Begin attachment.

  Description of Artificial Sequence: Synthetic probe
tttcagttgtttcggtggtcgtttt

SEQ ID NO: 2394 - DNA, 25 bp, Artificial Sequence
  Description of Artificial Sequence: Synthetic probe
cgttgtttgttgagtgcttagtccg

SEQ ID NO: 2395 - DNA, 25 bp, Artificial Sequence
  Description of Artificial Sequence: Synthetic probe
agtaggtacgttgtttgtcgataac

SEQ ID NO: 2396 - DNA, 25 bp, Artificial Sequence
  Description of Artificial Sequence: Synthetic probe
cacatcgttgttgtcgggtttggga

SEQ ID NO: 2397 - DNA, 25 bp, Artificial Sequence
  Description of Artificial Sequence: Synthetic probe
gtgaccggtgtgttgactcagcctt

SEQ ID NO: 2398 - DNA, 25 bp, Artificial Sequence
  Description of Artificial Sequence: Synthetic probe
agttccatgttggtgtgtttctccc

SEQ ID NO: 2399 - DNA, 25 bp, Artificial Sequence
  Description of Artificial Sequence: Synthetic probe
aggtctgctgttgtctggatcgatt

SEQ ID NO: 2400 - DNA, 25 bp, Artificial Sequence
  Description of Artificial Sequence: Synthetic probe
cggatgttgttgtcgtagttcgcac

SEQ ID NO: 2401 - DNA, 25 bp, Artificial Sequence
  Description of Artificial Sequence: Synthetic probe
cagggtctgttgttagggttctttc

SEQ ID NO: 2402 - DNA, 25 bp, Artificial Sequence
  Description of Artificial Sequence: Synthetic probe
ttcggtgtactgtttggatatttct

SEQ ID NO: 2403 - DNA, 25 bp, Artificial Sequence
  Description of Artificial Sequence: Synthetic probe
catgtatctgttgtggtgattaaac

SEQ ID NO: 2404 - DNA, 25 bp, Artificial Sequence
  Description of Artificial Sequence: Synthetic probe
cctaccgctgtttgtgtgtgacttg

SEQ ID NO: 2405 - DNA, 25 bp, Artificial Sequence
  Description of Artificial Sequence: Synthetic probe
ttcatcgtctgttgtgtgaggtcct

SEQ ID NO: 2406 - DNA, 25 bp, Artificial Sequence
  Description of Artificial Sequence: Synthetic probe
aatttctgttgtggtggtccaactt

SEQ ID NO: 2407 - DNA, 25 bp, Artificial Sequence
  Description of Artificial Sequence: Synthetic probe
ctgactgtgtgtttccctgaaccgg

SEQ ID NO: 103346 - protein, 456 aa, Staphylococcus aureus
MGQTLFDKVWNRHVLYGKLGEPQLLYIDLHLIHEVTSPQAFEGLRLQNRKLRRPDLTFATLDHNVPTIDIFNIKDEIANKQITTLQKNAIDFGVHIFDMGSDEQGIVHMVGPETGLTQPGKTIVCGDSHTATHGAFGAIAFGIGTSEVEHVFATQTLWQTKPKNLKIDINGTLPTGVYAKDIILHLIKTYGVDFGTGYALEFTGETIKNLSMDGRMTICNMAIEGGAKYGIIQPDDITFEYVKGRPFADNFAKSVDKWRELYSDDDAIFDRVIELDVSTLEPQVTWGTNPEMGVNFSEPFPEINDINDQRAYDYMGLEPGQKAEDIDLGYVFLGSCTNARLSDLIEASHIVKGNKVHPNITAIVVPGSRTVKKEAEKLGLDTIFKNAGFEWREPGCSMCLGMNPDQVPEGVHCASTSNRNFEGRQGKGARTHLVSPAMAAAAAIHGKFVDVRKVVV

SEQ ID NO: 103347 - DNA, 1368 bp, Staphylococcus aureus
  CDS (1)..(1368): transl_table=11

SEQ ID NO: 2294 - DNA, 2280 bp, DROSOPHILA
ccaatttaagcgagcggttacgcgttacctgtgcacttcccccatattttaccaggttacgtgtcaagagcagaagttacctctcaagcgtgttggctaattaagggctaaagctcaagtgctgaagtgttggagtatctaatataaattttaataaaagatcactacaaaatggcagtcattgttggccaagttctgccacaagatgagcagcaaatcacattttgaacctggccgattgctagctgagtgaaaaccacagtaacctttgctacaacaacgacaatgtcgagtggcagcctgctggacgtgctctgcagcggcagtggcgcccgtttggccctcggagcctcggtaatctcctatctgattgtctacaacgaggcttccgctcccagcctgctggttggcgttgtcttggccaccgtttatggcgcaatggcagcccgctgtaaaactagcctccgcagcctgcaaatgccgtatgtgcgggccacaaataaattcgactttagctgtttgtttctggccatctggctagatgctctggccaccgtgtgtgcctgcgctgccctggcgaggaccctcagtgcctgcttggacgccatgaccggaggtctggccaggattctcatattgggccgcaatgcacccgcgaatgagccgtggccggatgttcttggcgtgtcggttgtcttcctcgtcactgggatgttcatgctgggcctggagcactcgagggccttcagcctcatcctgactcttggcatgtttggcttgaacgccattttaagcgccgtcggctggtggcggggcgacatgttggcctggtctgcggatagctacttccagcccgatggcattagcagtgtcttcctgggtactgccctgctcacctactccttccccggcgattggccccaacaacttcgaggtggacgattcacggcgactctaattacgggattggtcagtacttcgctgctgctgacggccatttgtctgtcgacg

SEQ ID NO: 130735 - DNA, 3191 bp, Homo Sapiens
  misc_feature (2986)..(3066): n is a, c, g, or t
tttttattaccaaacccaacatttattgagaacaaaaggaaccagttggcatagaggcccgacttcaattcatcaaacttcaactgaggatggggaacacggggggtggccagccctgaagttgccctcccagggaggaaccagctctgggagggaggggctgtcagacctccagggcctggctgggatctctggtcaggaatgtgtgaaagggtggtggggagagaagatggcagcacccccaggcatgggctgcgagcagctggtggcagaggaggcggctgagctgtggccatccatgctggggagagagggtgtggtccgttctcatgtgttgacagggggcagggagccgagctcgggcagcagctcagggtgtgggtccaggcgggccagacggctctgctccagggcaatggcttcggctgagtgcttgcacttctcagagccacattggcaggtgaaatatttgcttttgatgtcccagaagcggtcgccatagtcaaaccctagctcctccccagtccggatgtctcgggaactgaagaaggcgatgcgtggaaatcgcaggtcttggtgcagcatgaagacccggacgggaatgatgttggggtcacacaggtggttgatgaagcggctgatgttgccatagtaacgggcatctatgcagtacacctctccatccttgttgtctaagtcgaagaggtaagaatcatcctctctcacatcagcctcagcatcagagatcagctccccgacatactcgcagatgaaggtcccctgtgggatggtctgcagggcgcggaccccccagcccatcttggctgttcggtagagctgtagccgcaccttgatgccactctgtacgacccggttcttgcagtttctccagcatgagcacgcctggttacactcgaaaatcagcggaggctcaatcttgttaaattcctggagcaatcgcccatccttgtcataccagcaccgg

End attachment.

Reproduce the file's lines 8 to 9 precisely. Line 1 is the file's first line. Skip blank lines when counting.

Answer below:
agtaggtacgttgtttgtcgataac

SEQ ID NO: 2396 - DNA, 25 bp, Artificial Sequence